Perthi Kov


Perthi  Kov is an unincorporated, non-profit making community group that has been set up to research, devise, write, rehearse and present story walks, harvesting stories of lives lived and framing their meaning for contemporary eyes.  The group consists of the local community, professional artists interested in community engagement, choir leaders, historians, Church members and professionals working with other community groups and schools.

‘Until the Day Break’ - were story walks held in the two graveyards at the Miner’s Church St Euny, Redruth, bringing selected ‘residents’ to life to tell their stories on four evenings in May 2017.  The walks featured performance, storytelling, song and visual installations.  Several story-gathering events were held where people were able to share memories of relatives buried there and we were able to share stories, gathered through our historical research.  Stories gathered in audio and written form were responsibly archived. Stories were also recorded in collaboration with BBC Radio Cornwall for broadcast.

The story walks and digital archive told stories of people involved in many different aspects of Cornish mining life – Peter Renfree, who ran the Penhallick Fuseworks, Jane Harvey, wife of John Harvey, mine engineer, two of whose children were born in Cobre, Cuba, Captain Charles F Bishop who managed Wheal Grenville, Catherine Tonkin, wife of the Mayor of Geelong, South Australia, James Gill and Mary Angove, a young couple who left Redruth to find fortune in Colorado  – celebrating Cornish ingenuity, entrepreneurship and resilience. The project was particularly interested in revealing and celebrating the life stories of women, whose contribution to the great mining adventure is so often overlooked. 

The young mothers from WILD Young Parents Project created a magical memory box installations to decorate the lych gate and churchyard, celebrating the lives of women there that they feel a connection with. As well as the performances, local artists/creators created contemporary souvenir artworks for this project which celebrate our mining heritage and the mining landscape around St Euny Church. 

St Euny is the Miner’s Church, situated as it is on the eastern section of the Great Flat Lode. It sits at the northern end of Church Coombe, just below the workings at Wheal Basset and the stamps and smelter buildings at Seleggan. The Cornish Mining World Heritage Site Office had previously resourced excellent interpretation boards in the lych gate and graveyard.  

St Euny’s graves map the rich and varied history of Cornish life – stories of migration, fabulous wealth and intense poverty, infant mortality, mine accidents, trepanning doctors, cholera epidemics, long marriages (and very short ones).  The people the project researched have strong connections to the mining diaspora in Cuba, Colorado and Australia, testament to the huge impact Cornish mining skills and technology had globally. Peter Renfree’s story describes one of the ancillary industries – fuse and explosives manufacture and its attendant risks. 

We expect to work with a wide range of ages and backgrounds, making contact with groups through WILD Young Parents Project, the Red River and Ingleheart choirs, Scary Little Girls, the Church, Pool School, Redruth Town Council and Youth Council, connecting them to the extraordinary history of their community.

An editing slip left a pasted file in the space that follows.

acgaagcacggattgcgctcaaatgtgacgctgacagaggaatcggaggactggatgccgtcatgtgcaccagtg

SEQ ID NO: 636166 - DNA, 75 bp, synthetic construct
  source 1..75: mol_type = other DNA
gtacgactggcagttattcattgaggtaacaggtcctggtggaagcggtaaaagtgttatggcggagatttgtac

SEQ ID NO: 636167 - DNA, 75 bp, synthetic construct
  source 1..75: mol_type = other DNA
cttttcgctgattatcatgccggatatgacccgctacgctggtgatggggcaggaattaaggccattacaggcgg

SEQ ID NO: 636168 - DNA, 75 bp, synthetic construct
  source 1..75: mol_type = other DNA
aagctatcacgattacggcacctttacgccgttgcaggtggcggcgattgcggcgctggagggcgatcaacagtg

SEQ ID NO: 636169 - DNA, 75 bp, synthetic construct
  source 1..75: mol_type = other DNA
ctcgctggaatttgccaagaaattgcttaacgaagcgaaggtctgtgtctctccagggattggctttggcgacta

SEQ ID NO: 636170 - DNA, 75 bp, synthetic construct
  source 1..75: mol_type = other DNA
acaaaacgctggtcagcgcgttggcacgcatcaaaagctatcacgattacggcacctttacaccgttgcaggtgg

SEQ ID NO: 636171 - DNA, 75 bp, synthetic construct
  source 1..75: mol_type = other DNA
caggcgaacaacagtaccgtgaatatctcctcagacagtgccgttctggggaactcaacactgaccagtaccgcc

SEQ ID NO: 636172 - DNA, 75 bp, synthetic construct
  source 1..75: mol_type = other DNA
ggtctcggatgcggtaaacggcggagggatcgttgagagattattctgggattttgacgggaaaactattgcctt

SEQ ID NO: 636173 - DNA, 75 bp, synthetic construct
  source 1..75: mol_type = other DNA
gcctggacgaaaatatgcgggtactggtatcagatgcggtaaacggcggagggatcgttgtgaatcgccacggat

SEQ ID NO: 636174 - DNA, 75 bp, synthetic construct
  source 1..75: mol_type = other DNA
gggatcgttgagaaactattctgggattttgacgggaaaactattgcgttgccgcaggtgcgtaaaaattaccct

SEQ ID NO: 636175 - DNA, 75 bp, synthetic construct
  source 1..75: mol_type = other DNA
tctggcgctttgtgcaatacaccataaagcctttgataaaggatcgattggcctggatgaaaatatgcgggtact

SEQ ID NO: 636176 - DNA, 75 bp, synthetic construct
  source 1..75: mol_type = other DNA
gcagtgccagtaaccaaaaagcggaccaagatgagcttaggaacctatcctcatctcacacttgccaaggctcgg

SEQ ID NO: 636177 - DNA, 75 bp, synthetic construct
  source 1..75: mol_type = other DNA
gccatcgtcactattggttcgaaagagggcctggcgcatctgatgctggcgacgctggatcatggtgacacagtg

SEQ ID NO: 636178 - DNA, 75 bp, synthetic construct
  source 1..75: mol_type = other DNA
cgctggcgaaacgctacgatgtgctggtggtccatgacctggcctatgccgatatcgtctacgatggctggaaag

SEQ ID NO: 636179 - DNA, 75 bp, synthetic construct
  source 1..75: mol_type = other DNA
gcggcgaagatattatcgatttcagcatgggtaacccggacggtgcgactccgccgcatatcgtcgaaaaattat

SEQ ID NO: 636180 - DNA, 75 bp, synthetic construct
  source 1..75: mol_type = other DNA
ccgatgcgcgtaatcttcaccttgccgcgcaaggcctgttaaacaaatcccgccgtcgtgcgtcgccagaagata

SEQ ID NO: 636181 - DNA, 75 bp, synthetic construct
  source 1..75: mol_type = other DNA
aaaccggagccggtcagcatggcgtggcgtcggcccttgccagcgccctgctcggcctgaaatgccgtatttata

The programme of community events invited people to help create a lasting legacy for future generations. A series of tea parties were held in Redruth in order to talk to local people in the community to collect their stories of the lives of family and friends buried at St Euny.  The church congregation were also engaged at services and church festivals. 

Audiences for the story walks experienced a vivid window on the lives of their predecessors, enabling a deeper understanding and respect for their challenges and achievements.


The project team had involvement with WILD Young Parents Project who work with special needs young mums/mums to be age 20 and under and their children. These young people had a visual presence by their work making and displaying memory boxes.  

The Redruth Youth Council will be involved in various activities on the project – performance, research, music, stage management, evaluation etc. They will also be our key ambassadors in enrolling other young people into the project.

Drama students from Pool Academy and Redruth School will form an integral part of our project and this will become a part of their curriculum activities from the beginning of the New Year 2017.

Perthi Kov team members and volunteers have received training from Azook in collecting oral history records, in order to make them fully accessible and useful for future generations.

About 1200 people benefited directly from the project through participating in it or witnessing the performances.  In the region of 9,000 people benefited through the improvement of access to the graveyard and through the availability of new material in local archives, through broadcast of the stories by the BBC and through publication online and on social media.  

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Further Exploration

Rags to Riches

Cornish Caretakers

Perthi Kov

UNESCO Lates at the London Science Museum